Not sure if it's officially used by the Ukraine

In early part of the war was standard mortar for airmobile brigades, also was in mountain brigade. Now still in use by air-assault troops and some mech., motorized and mountain troops in battalion's fire support companies, where 82 mm mortar platoon are established. Some is using 2B14, some 2B9.

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On ‎4‎/‎24‎/‎2019 at 12:12 AM, IanL said:

The description called it a mortar but that didn't seem right. It looked like a 105. When I looked at the listed artillery pieces used by Ukraine it didn't list anything smaller than 122 except for mortars. I looked at mortars anyway and found there is a thing called a gun mortar. WTF - I had no idea. Check out the 2B9 Vasilek 82 mm gun mortar in the section called Gun mortars here: https://en.wikipedia.org/wiki/Mortar_(weapon)

I don't think that is the exact gun mortar but it sure has similarities like the auto loader and the recoil mechanism.

 

"Vasiliok" unlike usual mortar can shot with direct fire. But not too far - about 800 m. It has even HEAT ammunition for direct shot fire. But I didn't hear about such usage on Donbas. 

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1 hour ago, Haiduk said:

In early part of the war was standard mortar for airmobile brigades, also was in mountain brigade. Now still in use by air-assault troops and some mech., motorized and mountain troops in battalion's fire support companies, where 82 mm mortar platoon are established. Some is using 2B14, some 2B9.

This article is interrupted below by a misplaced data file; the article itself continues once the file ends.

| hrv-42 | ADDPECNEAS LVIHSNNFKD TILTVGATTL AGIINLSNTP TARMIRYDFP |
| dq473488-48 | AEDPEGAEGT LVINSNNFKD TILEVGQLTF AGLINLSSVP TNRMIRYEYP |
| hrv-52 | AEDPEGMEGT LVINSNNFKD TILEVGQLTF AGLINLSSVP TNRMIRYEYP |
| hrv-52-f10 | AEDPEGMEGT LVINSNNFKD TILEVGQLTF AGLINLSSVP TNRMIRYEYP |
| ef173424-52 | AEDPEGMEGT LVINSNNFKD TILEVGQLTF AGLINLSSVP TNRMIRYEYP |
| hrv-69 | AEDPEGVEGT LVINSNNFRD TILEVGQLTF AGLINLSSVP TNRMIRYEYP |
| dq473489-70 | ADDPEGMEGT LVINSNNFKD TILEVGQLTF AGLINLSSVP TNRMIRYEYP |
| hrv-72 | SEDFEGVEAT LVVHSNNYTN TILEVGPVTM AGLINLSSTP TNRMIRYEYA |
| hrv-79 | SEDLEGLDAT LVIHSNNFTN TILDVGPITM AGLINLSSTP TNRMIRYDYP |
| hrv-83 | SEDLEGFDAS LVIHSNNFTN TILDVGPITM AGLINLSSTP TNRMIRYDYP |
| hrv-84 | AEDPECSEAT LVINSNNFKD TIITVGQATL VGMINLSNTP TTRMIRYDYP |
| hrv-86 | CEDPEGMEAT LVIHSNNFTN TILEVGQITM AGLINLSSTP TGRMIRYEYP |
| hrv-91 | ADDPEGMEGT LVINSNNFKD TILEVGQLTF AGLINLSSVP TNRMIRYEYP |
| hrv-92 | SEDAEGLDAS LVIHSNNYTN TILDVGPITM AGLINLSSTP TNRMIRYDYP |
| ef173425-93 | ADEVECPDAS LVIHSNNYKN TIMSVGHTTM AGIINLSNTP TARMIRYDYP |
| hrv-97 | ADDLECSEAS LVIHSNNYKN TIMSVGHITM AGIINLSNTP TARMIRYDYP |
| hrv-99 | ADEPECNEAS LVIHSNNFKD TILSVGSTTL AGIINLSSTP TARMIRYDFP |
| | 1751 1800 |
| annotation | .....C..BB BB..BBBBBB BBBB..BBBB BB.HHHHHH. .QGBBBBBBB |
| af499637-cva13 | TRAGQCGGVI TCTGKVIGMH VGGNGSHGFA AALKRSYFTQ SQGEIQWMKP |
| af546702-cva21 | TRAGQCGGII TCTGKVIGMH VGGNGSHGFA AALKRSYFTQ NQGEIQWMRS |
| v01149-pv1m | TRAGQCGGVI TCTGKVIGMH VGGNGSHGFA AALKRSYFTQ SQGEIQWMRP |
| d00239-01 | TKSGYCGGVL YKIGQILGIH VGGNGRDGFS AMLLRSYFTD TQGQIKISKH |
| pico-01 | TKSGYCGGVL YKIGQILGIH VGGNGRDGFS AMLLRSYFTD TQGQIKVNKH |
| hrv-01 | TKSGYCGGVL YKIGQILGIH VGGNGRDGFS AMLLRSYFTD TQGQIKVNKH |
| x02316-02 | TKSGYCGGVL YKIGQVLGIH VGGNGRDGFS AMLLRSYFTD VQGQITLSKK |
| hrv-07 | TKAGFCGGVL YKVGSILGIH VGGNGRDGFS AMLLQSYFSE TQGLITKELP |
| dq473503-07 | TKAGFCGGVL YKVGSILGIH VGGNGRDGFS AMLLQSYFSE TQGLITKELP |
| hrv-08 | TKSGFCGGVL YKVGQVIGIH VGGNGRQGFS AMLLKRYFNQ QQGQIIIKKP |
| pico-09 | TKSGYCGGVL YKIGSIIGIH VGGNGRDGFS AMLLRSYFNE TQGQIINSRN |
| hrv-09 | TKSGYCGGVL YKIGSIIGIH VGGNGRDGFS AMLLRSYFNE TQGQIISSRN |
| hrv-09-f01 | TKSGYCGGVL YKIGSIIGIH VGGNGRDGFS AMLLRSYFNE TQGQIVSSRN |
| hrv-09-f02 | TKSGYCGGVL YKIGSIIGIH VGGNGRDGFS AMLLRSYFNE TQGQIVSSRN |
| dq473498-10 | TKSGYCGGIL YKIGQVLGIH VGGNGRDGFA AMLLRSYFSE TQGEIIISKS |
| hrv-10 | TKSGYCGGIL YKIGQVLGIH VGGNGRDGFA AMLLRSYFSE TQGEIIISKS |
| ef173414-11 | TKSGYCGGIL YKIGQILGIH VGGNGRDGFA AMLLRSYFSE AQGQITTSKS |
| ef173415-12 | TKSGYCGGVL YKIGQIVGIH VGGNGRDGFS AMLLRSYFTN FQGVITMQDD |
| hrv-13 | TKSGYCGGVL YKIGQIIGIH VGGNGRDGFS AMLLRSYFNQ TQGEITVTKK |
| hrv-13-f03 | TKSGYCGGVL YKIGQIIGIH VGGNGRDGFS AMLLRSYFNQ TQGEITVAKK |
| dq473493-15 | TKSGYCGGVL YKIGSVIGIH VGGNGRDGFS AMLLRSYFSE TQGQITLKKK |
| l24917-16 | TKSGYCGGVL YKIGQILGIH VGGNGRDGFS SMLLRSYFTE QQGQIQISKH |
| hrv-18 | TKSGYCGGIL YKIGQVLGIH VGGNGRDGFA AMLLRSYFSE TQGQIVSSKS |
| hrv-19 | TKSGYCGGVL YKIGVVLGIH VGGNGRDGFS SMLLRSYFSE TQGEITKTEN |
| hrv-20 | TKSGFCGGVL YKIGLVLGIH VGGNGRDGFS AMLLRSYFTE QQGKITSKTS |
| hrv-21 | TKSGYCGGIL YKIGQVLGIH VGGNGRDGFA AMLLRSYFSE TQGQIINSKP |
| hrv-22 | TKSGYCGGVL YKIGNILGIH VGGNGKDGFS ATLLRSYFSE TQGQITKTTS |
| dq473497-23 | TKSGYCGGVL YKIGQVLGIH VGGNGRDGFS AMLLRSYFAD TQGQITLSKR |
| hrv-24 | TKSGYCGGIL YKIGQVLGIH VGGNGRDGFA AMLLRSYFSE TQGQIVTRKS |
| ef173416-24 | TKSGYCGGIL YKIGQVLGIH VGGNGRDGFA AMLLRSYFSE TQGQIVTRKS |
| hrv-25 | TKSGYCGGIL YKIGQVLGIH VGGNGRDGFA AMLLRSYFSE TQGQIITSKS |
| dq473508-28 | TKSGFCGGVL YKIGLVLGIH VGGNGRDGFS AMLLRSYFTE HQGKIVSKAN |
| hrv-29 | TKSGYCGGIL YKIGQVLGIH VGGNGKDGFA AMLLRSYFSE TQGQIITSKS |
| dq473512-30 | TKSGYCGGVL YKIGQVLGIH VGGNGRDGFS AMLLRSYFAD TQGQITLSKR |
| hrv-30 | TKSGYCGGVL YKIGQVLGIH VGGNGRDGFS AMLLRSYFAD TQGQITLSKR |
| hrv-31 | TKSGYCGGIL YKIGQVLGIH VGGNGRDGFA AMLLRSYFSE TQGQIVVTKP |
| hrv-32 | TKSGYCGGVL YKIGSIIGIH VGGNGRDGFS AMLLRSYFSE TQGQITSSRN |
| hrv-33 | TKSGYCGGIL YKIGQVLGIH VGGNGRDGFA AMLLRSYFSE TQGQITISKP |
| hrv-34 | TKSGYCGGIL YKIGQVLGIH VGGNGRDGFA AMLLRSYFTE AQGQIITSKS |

Cheers.....So it looks like we probably can reasonably expect the Vasilek in the putative 'airborne forces' supplement for CM:BS.  B)

Presumably porting it over from CM:A should be doable.....Hope they will do a few MRLs too (and add the new, bigger, more precise types like Smerch too).

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Posted (edited)
21 hours ago, Sgt.Squarehead said:

The Russian army no longer uses the Vasilek, but apparently the VDV still has it, so there's some hope we might see it in a future CM:BS update.....Not sure if it's officially used by the Ukraine, apparently it's been seen on both sides in the Donbass, but that's not what CM:BS models.

 

I have not met them in VDV, but the units with mountain training, yes.

5 hours ago, Sgt.Squarehead said:

Presumably porting it over from CM:A should be doable.....Hope they will do a few MRLs too (and add the new, bigger, more precise types like Smerch too).

Once upon a time I also asked for the introduction of the MLRS, at least the GRAD system, on large maps during the assault it would be useful.

P.S.

And also to give the possibility of AGL, to shoot from behind a closed position, without direct visibility of the target.

Edited by HUSKER2142

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Posted (edited)

Cheers for the further clarification.

Hope we will see them, just because, well.....I just test fired a full CM:A Vasilek battery against a regular, high morale, Mujahideen Company in reasonably typical Afghan terrain (2xlinear, heavy, maximum strikes) , the salvo lasted just about sixty seconds.

By the time it was over the  (only surviving) Afghan commander had eight men left (sort of) under his command, half of them walking wounded, all of them brittle beyond imagination!  :o

 

Edited by Sgt.Squarehead

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000613.jpg

Where can I get one? Just the sort of thing I need for a South London runabout in these troubled times. I assume it has one uncareful owner (the VDV)? Can I have candy coloured wheel trim?